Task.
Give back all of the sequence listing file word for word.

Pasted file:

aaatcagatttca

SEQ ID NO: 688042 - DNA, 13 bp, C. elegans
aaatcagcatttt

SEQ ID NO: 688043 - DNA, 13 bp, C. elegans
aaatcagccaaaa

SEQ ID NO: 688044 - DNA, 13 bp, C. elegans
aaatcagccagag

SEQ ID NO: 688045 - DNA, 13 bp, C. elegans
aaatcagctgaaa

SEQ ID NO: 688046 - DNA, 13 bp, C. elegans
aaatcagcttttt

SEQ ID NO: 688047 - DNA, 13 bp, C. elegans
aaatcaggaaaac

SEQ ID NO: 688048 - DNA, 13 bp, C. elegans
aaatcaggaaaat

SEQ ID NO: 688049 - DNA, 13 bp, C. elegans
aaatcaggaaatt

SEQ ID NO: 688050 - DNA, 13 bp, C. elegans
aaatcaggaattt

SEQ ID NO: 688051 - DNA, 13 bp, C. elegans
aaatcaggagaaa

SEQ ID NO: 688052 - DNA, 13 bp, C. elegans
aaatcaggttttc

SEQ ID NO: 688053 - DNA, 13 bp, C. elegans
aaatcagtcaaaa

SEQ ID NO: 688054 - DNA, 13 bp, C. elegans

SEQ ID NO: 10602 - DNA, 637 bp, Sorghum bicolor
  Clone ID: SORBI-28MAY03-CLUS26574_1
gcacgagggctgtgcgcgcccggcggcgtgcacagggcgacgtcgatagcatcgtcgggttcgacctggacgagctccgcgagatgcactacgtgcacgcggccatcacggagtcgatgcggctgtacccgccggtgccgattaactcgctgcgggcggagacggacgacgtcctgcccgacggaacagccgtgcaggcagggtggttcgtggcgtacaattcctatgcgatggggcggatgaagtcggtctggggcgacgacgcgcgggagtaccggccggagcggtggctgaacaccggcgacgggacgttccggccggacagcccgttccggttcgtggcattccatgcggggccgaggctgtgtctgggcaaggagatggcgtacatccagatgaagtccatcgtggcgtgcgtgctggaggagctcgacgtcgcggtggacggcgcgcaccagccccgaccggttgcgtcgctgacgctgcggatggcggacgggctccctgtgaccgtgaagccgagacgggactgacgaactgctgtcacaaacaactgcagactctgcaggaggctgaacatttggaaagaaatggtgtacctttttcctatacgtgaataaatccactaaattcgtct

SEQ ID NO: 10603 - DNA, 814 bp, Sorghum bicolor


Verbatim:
aaatcagatttca

SEQ ID NO: 688042 - DNA, 13 bp, C. elegans
aaatcagcatttt

SEQ ID NO: 688043 - DNA, 13 bp, C. elegans
aaatcagccaaaa

SEQ ID NO: 688044 - DNA, 13 bp, C. elegans
aaatcagccagag

SEQ ID NO: 688045 - DNA, 13 bp, C. elegans
aaatcagctgaaa

SEQ ID NO: 688046 - DNA, 13 bp, C. elegans
aaatcagcttttt

SEQ ID NO: 688047 - DNA, 13 bp, C. elegans
aaatcaggaaaac

SEQ ID NO: 688048 - DNA, 13 bp, C. elegans
aaatcaggaaaat

SEQ ID NO: 688049 - DNA, 13 bp, C. elegans
aaatcaggaaatt

SEQ ID NO: 688050 - DNA, 13 bp, C. elegans
aaatcaggaattt

SEQ ID NO: 688051 - DNA, 13 bp, C. elegans
aaatcaggagaaa

SEQ ID NO: 688052 - DNA, 13 bp, C. elegans
aaatcaggttttc

SEQ ID NO: 688053 - DNA, 13 bp, C. elegans
aaatcagtcaaaa

SEQ ID NO: 688054 - DNA, 13 bp, C. elegans

SEQ ID NO: 10602 - DNA, 637 bp, Sorghum bicolor
  Clone ID: SORBI-28MAY03-CLUS26574_1
gcacgagggctgtgcgcgcccggcggcgtgcacagggcgacgtcgatagcatcgtcgggttcgacctggacgagctccgcgagatgcactacgtgcacgcggccatcacggagtcgatgcggctgtacccgccggtgccgattaactcgctgcgggcggagacggacgacgtcctgcccgacggaacagccgtgcaggcagggtggttcgtggcgtacaattcctatgcgatggggcggatgaagtcggtctggggcgacgacgcgcgggagtaccggccggagcggtggctgaacaccggcgacgggacgttccggccggacagcccgttccggttcgtggcattccatgcggggccgaggctgtgtctgggcaaggagatggcgtacatccagatgaagtccatcgtggcgtgcgtgctggaggagctcgacgtcgcggtggacggcgcgcaccagccccgaccggttgcgtcgctgacgctgcggatggcggacgggctccctgtgaccgtgaagccgagacgggactgacgaactgctgtcacaaacaactgcagactctgcaggaggctgaacatttggaaagaaatggtgtacctttttcctatacgtgaataaatccactaaattcgtct

SEQ ID NO: 10603 - DNA, 814 bp, Sorghum bicolor